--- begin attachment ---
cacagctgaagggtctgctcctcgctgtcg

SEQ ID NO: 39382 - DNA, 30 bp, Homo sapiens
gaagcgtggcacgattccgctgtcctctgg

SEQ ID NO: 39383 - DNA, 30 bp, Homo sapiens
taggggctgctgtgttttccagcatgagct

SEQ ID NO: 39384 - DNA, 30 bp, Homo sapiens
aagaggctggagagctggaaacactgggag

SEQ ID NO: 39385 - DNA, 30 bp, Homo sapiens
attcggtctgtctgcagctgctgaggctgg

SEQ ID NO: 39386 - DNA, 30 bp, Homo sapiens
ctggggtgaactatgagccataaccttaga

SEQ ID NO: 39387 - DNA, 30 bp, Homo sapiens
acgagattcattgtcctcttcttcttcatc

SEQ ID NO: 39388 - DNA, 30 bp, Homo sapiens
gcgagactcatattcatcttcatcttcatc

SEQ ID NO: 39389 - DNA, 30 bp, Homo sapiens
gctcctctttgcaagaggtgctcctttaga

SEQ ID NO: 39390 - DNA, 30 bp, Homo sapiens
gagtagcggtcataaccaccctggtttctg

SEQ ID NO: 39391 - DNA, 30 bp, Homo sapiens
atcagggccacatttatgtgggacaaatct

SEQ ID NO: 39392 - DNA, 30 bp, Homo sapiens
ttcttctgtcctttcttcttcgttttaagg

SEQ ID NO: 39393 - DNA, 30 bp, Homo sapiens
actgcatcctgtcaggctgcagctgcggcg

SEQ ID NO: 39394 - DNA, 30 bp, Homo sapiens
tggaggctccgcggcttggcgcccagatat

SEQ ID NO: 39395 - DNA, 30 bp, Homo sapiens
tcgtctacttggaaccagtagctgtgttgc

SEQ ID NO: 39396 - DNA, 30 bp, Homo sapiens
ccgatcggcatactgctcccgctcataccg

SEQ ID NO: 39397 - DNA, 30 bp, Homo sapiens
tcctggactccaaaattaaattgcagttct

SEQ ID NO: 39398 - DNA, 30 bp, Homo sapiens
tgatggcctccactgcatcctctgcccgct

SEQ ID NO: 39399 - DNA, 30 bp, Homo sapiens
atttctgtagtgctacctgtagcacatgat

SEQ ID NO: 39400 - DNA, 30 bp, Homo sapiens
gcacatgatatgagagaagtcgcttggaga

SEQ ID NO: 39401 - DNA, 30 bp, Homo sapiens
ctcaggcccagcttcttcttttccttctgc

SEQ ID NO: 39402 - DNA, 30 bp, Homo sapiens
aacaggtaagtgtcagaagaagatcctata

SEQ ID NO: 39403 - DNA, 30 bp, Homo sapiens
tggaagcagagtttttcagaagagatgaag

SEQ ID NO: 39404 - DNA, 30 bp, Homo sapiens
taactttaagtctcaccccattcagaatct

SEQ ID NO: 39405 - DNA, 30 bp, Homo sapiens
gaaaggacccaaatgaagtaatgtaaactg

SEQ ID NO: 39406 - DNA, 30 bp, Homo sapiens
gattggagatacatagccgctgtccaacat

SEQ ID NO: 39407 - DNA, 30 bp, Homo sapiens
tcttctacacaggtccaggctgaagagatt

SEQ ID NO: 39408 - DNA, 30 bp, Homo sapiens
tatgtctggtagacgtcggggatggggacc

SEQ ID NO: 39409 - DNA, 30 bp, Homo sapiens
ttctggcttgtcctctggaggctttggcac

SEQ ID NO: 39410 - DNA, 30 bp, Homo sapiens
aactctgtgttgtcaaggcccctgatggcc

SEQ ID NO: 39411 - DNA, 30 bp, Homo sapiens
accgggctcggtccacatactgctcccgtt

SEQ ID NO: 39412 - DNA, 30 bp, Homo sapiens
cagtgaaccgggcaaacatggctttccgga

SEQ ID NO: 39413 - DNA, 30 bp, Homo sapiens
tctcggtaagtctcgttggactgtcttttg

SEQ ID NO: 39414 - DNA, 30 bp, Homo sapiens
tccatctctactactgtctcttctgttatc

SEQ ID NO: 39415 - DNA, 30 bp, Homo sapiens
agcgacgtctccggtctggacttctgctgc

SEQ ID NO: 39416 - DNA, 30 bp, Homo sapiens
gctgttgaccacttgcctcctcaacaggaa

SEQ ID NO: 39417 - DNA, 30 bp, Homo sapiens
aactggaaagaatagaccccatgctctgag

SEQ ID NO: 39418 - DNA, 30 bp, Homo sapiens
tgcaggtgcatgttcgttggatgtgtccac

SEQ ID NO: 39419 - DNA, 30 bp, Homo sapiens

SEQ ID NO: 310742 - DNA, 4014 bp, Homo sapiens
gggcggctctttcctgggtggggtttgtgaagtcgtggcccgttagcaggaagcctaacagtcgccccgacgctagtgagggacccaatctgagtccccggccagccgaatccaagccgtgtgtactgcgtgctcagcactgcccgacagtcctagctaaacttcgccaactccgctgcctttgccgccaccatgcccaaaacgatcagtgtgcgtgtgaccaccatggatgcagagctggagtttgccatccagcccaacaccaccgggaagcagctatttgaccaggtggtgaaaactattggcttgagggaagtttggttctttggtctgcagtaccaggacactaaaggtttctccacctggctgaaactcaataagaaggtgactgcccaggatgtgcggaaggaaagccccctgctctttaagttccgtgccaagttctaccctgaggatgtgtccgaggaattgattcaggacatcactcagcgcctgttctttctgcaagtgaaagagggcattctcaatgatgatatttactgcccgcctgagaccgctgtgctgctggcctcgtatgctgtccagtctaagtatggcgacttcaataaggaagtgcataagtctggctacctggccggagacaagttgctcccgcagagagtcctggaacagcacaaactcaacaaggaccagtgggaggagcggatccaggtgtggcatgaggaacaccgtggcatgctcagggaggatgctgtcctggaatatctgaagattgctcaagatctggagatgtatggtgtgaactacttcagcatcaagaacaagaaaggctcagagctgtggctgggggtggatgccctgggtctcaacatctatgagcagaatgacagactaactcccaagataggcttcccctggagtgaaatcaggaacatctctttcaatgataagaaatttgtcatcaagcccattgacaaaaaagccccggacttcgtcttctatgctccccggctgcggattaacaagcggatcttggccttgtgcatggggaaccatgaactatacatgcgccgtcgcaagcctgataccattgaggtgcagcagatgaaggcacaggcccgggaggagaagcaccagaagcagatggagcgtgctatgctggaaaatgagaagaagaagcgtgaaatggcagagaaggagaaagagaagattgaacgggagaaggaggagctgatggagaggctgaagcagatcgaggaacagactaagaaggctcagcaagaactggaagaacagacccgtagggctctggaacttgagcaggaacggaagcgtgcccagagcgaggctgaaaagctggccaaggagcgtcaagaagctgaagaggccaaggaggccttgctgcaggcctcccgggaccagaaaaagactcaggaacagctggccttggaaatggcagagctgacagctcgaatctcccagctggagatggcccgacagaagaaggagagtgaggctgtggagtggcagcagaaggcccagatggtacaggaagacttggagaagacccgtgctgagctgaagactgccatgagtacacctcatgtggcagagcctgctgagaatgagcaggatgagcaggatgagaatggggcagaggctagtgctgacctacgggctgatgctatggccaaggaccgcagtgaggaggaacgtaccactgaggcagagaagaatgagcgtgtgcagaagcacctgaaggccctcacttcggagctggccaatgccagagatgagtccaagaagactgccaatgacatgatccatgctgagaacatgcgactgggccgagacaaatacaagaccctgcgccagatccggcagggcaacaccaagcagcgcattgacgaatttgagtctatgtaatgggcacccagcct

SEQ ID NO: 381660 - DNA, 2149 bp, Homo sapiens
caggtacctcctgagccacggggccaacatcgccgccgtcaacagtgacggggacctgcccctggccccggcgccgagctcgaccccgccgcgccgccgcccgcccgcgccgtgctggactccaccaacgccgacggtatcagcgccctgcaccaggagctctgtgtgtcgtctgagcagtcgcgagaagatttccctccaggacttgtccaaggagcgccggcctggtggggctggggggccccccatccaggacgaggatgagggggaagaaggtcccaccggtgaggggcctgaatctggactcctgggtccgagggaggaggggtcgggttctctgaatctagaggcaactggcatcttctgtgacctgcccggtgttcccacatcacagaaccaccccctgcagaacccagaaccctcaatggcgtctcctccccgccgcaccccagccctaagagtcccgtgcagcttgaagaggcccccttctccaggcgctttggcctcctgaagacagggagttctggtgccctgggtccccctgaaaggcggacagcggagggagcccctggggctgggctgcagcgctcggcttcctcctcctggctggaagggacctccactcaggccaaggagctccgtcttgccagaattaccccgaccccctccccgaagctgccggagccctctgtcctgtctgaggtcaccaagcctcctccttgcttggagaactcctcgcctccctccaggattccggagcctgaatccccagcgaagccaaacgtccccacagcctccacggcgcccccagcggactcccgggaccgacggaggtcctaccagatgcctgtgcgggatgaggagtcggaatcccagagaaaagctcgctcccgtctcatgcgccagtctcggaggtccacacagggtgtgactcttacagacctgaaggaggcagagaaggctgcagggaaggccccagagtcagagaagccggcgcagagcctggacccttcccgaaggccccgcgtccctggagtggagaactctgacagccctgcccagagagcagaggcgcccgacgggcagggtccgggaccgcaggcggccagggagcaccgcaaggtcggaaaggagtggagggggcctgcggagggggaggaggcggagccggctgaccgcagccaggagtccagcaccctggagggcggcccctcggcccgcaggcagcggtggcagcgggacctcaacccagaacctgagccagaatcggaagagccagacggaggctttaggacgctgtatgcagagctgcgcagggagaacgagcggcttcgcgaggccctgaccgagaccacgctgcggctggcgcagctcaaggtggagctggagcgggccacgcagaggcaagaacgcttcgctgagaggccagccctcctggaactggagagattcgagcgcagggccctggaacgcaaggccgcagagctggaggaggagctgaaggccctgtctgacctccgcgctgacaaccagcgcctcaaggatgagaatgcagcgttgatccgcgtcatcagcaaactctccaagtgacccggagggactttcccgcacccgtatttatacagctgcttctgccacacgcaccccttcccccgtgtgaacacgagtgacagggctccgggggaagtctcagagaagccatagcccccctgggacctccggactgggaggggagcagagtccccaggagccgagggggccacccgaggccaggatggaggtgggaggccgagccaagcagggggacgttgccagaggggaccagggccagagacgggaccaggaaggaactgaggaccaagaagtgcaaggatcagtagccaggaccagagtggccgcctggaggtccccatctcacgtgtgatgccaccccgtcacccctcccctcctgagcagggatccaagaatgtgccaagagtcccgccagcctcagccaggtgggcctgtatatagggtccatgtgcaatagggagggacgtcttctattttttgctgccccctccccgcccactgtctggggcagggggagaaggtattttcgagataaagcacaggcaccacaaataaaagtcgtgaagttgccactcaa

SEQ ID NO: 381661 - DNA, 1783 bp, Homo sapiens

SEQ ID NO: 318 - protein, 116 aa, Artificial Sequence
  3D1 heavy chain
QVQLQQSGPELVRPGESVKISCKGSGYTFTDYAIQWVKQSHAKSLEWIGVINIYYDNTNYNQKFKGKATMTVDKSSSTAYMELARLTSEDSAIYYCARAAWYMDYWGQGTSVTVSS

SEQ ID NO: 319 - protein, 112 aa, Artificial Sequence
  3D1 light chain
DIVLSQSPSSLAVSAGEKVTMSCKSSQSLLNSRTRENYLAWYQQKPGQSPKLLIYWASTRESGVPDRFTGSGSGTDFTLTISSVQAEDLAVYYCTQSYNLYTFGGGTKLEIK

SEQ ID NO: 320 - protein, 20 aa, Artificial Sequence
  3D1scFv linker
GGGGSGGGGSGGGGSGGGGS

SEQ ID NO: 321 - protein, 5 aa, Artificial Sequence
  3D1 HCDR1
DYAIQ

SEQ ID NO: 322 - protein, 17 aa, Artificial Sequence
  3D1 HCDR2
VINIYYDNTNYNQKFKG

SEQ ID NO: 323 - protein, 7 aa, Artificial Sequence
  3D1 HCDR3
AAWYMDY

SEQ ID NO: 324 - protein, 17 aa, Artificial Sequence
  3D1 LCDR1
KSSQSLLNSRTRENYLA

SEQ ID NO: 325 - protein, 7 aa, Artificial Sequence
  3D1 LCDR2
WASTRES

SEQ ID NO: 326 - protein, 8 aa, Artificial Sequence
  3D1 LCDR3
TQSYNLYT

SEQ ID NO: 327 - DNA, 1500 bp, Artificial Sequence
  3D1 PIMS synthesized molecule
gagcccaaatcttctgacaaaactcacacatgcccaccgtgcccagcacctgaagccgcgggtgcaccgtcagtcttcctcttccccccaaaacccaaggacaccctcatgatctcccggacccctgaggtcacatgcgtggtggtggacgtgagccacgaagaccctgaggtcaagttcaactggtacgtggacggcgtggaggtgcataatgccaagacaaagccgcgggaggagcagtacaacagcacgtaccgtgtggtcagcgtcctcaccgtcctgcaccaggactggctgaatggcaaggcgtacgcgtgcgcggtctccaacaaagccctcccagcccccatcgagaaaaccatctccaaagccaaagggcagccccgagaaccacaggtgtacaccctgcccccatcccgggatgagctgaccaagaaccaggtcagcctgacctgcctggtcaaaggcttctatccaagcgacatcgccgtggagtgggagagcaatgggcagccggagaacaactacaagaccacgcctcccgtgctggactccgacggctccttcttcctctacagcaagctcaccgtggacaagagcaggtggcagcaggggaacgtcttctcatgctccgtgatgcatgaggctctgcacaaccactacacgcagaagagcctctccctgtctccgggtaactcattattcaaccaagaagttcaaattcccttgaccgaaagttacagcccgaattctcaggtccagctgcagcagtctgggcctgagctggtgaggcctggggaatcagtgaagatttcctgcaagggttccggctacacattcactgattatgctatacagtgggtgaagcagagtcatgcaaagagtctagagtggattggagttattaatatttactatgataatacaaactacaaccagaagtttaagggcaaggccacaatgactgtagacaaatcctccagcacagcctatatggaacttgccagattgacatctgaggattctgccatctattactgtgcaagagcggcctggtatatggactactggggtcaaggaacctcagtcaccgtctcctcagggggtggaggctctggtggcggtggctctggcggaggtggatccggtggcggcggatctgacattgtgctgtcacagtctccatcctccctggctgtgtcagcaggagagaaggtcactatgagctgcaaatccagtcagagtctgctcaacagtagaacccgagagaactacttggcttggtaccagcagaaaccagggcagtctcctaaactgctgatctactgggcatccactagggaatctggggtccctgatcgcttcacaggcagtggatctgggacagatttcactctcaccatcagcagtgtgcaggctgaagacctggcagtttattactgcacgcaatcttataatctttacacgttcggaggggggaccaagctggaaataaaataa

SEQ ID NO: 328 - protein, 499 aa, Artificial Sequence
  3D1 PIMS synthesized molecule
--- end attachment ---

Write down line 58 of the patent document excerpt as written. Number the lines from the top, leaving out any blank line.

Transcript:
SEQ ID NO: 39410 - DNA, 30 bp, Homo sapiens